Running: Best Practices

best practices for running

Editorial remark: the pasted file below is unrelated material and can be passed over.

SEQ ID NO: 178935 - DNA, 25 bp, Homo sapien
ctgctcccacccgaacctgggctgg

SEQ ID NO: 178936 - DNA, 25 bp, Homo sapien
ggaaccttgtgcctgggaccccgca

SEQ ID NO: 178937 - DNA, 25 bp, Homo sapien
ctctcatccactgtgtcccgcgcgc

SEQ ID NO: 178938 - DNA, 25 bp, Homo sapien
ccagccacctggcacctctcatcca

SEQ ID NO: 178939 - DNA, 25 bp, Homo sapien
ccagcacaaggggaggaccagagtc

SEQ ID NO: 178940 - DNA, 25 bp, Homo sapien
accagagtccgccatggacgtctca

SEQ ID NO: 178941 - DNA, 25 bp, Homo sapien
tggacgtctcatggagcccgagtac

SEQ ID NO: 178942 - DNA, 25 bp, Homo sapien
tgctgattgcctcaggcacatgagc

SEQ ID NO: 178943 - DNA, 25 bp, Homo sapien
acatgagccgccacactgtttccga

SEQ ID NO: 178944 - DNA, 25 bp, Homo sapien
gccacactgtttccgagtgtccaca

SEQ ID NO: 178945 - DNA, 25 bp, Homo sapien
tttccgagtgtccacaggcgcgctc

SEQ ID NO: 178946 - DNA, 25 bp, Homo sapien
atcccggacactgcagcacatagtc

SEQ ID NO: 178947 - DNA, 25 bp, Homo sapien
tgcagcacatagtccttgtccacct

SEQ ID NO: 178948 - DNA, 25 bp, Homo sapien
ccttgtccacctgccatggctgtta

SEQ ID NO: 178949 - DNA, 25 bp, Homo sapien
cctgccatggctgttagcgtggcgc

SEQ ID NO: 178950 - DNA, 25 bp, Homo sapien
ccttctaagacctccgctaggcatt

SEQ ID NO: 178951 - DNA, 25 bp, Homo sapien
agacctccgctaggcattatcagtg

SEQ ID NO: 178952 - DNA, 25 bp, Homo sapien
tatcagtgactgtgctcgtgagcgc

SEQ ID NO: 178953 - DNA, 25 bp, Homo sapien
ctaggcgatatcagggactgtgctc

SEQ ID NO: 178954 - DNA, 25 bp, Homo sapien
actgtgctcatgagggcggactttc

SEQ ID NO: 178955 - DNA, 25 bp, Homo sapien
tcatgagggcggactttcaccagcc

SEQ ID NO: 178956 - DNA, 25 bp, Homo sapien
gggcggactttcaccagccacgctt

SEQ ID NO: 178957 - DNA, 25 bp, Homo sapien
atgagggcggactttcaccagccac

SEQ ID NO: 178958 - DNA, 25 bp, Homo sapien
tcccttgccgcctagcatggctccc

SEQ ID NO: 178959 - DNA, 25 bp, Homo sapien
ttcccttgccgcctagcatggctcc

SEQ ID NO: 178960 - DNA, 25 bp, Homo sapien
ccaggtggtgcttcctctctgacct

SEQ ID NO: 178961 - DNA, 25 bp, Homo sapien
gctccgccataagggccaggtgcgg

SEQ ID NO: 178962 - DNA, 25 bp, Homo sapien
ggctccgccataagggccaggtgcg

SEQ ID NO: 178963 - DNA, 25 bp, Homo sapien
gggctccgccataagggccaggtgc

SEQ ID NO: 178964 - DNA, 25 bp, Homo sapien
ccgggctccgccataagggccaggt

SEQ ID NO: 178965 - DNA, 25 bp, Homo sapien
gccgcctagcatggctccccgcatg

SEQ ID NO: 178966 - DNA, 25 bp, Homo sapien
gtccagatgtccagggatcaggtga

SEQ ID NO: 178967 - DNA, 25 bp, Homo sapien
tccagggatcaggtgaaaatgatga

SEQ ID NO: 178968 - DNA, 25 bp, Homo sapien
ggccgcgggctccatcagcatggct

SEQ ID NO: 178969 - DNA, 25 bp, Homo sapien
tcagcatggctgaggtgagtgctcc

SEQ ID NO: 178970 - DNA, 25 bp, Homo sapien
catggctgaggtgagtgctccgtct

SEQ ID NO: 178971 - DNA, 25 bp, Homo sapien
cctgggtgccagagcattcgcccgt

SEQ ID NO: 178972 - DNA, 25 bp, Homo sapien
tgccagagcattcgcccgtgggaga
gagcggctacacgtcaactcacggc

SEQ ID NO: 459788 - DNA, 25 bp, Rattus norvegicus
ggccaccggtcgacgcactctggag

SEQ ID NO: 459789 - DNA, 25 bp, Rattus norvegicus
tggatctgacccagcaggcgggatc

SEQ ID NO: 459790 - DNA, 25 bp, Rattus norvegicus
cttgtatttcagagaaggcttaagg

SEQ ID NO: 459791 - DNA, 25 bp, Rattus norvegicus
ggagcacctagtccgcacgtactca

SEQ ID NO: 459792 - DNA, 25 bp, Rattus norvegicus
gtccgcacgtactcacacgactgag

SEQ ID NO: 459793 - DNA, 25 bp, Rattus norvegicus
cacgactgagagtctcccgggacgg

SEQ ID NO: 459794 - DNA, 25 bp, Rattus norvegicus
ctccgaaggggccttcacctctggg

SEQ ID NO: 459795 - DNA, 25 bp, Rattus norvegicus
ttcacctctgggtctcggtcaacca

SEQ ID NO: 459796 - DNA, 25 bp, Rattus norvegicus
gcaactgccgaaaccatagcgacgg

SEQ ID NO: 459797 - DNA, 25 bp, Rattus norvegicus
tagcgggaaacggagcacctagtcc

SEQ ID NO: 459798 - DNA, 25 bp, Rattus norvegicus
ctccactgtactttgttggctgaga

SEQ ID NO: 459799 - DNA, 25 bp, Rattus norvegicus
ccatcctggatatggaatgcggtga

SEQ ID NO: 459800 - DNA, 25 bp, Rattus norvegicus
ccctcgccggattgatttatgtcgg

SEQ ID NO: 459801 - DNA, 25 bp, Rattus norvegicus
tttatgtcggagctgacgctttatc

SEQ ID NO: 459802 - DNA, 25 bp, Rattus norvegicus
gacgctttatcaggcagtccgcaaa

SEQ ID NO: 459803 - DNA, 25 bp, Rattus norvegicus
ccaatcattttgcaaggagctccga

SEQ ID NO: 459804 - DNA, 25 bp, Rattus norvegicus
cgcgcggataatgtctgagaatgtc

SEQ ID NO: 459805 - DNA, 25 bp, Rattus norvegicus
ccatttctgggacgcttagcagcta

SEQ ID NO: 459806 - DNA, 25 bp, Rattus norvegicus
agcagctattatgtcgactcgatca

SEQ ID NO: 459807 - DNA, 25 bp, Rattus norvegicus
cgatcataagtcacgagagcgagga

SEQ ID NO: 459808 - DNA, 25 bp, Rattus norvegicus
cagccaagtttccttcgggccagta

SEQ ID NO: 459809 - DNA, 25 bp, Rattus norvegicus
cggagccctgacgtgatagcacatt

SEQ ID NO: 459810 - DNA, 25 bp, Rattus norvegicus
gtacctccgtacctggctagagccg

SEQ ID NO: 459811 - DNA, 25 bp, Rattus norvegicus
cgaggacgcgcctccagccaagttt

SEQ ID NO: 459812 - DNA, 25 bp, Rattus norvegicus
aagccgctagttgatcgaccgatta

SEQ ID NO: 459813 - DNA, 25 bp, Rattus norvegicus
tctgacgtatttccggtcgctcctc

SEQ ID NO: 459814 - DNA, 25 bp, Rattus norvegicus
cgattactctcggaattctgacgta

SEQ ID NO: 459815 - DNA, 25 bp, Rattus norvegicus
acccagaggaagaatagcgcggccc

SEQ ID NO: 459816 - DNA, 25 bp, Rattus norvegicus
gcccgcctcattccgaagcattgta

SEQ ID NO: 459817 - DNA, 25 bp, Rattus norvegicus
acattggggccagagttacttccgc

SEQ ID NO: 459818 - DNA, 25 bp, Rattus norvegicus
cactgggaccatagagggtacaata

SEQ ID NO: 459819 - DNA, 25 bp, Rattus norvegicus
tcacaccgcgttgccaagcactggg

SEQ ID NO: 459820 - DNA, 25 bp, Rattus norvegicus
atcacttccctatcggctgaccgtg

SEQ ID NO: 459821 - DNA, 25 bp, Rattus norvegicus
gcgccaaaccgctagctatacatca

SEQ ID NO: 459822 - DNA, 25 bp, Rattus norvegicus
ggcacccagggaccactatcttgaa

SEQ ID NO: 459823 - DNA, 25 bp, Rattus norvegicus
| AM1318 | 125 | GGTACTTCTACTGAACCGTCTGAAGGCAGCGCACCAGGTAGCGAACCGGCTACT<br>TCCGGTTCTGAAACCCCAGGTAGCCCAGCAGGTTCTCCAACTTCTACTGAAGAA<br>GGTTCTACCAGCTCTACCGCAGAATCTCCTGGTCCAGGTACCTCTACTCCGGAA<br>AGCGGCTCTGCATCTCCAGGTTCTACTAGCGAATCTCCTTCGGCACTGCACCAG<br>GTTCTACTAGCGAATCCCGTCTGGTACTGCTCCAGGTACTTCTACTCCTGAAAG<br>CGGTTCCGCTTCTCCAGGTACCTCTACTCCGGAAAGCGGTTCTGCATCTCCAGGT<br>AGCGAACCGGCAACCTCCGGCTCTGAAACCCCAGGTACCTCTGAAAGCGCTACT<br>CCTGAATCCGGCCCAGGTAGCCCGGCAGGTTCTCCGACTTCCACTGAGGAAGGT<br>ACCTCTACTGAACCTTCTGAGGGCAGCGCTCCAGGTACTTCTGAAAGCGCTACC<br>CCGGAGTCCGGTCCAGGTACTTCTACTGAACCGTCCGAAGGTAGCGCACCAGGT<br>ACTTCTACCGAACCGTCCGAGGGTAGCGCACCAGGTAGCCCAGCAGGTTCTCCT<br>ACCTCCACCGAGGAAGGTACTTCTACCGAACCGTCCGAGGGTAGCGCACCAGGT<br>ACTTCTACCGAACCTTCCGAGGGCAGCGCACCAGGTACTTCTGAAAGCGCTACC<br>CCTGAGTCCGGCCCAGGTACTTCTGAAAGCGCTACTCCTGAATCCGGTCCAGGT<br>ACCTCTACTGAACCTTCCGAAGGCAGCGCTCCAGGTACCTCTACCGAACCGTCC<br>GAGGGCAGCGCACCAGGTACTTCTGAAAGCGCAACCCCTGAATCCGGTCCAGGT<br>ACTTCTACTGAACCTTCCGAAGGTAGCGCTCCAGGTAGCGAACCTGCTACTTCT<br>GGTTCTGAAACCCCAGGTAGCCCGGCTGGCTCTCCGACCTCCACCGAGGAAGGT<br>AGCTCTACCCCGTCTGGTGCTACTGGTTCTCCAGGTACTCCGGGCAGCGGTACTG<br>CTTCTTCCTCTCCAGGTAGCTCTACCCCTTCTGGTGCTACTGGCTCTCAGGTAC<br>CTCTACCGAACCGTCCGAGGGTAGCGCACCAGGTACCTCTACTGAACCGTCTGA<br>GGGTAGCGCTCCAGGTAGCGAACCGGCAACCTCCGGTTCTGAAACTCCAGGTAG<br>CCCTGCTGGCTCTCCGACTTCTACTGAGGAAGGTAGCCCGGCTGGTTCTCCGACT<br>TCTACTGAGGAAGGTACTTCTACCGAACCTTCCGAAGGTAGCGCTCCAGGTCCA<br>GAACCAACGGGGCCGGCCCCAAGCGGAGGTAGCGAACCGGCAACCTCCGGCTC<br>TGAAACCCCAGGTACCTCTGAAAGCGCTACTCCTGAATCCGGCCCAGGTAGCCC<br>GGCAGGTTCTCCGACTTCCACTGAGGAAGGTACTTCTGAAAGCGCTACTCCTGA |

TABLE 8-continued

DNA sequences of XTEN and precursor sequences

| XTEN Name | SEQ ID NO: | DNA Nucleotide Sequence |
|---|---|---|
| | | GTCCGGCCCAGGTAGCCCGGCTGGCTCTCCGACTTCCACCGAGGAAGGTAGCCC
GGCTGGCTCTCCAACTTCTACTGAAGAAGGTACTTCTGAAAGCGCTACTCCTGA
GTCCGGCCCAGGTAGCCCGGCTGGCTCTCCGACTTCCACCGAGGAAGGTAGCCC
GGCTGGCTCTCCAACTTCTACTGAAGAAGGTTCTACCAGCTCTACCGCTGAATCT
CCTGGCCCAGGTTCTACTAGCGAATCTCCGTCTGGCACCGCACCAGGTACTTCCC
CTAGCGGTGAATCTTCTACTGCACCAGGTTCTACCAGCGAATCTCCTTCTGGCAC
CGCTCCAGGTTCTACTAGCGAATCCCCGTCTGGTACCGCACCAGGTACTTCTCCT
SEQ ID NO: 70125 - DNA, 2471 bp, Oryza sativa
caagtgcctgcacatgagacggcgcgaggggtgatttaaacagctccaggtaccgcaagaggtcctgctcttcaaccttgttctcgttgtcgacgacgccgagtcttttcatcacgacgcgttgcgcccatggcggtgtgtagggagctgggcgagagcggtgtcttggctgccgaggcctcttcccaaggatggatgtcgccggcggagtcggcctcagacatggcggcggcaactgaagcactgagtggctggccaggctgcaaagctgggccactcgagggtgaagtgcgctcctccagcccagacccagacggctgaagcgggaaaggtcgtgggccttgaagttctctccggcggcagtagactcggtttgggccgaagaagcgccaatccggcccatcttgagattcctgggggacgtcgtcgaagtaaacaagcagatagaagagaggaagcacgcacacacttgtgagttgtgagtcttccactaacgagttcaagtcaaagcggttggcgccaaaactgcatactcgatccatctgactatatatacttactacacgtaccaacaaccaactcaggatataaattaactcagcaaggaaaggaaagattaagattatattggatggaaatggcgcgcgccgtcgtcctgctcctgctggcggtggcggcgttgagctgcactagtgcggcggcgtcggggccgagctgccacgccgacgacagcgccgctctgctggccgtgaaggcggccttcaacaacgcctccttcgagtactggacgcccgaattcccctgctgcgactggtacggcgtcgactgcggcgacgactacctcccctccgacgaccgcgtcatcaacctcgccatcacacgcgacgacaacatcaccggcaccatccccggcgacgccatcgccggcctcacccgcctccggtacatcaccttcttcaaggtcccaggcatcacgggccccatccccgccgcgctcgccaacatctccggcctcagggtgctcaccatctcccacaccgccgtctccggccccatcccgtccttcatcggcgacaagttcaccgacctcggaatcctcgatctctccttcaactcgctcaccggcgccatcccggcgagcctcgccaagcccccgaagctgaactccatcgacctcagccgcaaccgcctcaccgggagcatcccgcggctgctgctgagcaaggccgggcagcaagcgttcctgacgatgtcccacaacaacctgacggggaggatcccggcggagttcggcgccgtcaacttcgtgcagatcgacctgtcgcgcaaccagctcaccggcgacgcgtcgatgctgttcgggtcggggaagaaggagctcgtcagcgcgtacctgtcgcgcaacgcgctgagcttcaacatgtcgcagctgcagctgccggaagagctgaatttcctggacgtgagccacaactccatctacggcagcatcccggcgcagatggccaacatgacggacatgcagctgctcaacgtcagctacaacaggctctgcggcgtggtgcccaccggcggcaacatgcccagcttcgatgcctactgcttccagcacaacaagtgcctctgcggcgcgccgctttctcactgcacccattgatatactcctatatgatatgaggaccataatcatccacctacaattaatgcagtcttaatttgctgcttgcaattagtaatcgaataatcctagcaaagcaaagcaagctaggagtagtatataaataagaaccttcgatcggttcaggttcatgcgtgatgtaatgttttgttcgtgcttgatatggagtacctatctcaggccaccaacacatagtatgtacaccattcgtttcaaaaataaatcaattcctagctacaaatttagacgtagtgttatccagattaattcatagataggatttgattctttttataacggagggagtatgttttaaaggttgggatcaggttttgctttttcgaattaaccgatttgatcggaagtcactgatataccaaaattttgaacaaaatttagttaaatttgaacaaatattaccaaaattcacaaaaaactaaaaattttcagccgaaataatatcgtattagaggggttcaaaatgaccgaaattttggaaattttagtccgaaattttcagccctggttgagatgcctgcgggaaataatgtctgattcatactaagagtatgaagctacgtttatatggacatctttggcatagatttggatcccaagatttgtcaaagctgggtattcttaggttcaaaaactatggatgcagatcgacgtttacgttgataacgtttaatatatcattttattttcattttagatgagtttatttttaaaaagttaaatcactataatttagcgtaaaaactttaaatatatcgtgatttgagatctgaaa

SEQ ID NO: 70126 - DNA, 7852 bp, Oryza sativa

When I tell people I run marathons (and that I run at least a half marathon on a daily basis), they usually respond along the lines of, “Wow,Girl Running I can barely run 3 miles,” or, “I couldn’t ever do that.” And I usually reply with something like, “Hey, 3 miles is good. And I think almost anyone can run a marathon.” I truly do believe most people can run a marathon—as long as you follow some best practices and have the desire. Whether you want to run a marathon or are just interested in pounding out a few miles a week, read on for some key elements that will set you up for success. Shoes. Shoes have the greatest impact on how I feel during and after a run. When I’m running in the wrong style of shoes or my shoes start to wear down, various muscles in my legs and feet start to hurt. Usually runners should get a new pair after logging 300–500 miles. If you’re feeling some aches from running, start your troubleshooting by considering the condition of your shoes. As another note, if you plan to run every day, get two pairs of running shoes (preferably different styles), and alternate the days you wear the pairs so the midsole foam in each pair has time to recover before you wear the pair again. As an added benefit, if you alternate pairs, you'll be able to log more miles in each pair before needing to replace your shoes. Slow and steady. I’m sure you’ve heard this before, but don’t try to add too much too soon! When I was training for my first marathon, I added 1 mile to my long run every other week. Even if you feel like you could go longer, restrain yourself a little bit (it’s good for you physically as well as mentally). Variation. Even if you really enjoy running, if you never vary your workout you’ll likely become bored, you won’t achieve your potential, and you may become injured. So mix up your runs. Here’s an example: Woman Warming Up Before A Run Be sure to warm up before running. Monday: Intervals (After warming up, run a short distance at a high intensity, followed by running at a slower pace for a few minutes to recover. Then repeat the fast-slow cycle several times.) Tuesday: Slow recovery run or cross-training Wednesday: Hills (After warming up, find a hilly path or use the incline function on a treadmill.) Thursday: Slow recovery run or cross-training Friday: Tempo run (After a 15-minute warm-up, run for 20 minutes at a challenging—but not your maximum—pace, and then cool down with 15 minutes of slower running.) Saturday: Slow long run or cross-training Sunday: Rest and recover Running for a purpose. While I’d always thought it would be cool to run a marathon and I’ve always been very disciplined, when I was preparing for my first marathon it helped to have an extra motivation to keep me going: I ran as part of the Leukemia & Lymphoma Society’s Team in Training program, which involved raising almost $5,000 for the society and training for and then running a marathon with other fundraisers. Even on the days when I felt tired and wasn’t as eager to run, I was motivated by the many people I knew who were battling leukemia and lymphoma. Plus, friends, family, and coworkers were always asking how my fundraising and training were going. I couldn’t let them down. So, why not run for your own health as well to help others? In my area, it seems there’s a race every weekend from April through October, and many of the races benefit nonprofit organizations. Sign up for a race that supports a cause you believe in—it might just be the motivation you need to persevere on the days you’d rather watch TV than lace up your shoes and pound the pavement. What goals do you have when it comes to running?

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